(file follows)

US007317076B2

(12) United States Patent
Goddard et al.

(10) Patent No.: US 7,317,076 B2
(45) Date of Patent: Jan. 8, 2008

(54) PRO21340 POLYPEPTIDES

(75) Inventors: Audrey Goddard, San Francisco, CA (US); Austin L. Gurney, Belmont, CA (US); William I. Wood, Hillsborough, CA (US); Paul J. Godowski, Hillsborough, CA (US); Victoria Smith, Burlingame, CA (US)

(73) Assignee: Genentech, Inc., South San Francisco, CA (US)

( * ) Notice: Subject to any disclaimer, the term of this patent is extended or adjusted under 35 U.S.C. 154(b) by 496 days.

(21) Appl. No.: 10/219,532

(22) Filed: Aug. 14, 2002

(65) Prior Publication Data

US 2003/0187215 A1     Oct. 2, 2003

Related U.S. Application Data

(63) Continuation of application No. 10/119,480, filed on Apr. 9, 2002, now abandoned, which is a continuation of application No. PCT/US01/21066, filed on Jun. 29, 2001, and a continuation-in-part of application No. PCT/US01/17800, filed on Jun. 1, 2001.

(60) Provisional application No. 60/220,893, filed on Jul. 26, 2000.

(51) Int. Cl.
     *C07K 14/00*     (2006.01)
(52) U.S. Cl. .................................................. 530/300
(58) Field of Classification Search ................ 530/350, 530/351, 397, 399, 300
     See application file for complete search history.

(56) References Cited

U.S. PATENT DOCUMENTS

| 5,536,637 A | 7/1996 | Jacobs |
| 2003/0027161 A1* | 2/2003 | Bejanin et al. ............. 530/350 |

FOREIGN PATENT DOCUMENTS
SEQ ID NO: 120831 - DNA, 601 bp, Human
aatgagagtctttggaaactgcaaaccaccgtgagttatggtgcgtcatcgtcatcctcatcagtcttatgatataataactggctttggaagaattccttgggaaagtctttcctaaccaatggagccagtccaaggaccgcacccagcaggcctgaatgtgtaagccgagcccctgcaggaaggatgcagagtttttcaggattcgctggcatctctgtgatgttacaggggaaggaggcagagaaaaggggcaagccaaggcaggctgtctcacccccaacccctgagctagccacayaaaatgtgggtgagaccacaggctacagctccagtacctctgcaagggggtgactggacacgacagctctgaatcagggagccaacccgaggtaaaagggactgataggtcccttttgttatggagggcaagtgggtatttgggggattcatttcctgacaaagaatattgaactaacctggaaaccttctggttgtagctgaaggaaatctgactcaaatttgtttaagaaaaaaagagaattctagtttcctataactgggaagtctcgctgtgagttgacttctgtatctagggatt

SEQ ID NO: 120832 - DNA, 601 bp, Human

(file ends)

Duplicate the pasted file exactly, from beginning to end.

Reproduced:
US007317076B2

(12) United States Patent
Goddard et al.

(10) Patent No.: US 7,317,076 B2
(45) Date of Patent: Jan. 8, 2008

(54) PRO21340 POLYPEPTIDES

(75) Inventors: Audrey Goddard, San Francisco, CA (US); Austin L. Gurney, Belmont, CA (US); William I. Wood, Hillsborough, CA (US); Paul J. Godowski, Hillsborough, CA (US); Victoria Smith, Burlingame, CA (US)

(73) Assignee: Genentech, Inc., South San Francisco, CA (US)

( * ) Notice: Subject to any disclaimer, the term of this patent is extended or adjusted under 35 U.S.C. 154(b) by 496 days.

(21) Appl. No.: 10/219,532

(22) Filed: Aug. 14, 2002

(65) Prior Publication Data

US 2003/0187215 A1     Oct. 2, 2003

Related U.S. Application Data

(63) Continuation of application No. 10/119,480, filed on Apr. 9, 2002, now abandoned, which is a continuation of application No. PCT/US01/21066, filed on Jun. 29, 2001, and a continuation-in-part of application No. PCT/US01/17800, filed on Jun. 1, 2001.

(60) Provisional application No. 60/220,893, filed on Jul. 26, 2000.

(51) Int. Cl.
     *C07K 14/00*     (2006.01)
(52) U.S. Cl. .................................................. 530/300
(58) Field of Classification Search ................ 530/350, 530/351, 397, 399, 300
     See application file for complete search history.

(56) References Cited

U.S. PATENT DOCUMENTS

| 5,536,637 A | 7/1996 | Jacobs |
| 2003/0027161 A1* | 2/2003 | Bejanin et al. ............. 530/350 |

FOREIGN PATENT DOCUMENTS
SEQ ID NO: 120831 - DNA, 601 bp, Human
aatgagagtctttggaaactgcaaaccaccgtgagttatggtgcgtcatcgtcatcctcatcagtcttatgatataataactggctttggaagaattccttgggaaagtctttcctaaccaatggagccagtccaaggaccgcacccagcaggcctgaatgtgtaagccgagcccctgcaggaaggatgcagagtttttcaggattcgctggcatctctgtgatgttacaggggaaggaggcagagaaaaggggcaagccaaggcaggctgtctcacccccaacccctgagctagccacayaaaatgtgggtgagaccacaggctacagctccagtacctctgcaagggggtgactggacacgacagctctgaatcagggagccaacccgaggtaaaagggactgataggtcccttttgttatggagggcaagtgggtatttgggggattcatttcctgacaaagaatattgaactaacctggaaaccttctggttgtagctgaaggaaatctgactcaaatttgtttaagaaaaaaagagaattctagtttcctataactgggaagtctcgctgtgagttgacttctgtatctagggatt

SEQ ID NO: 120832 - DNA, 601 bp, Human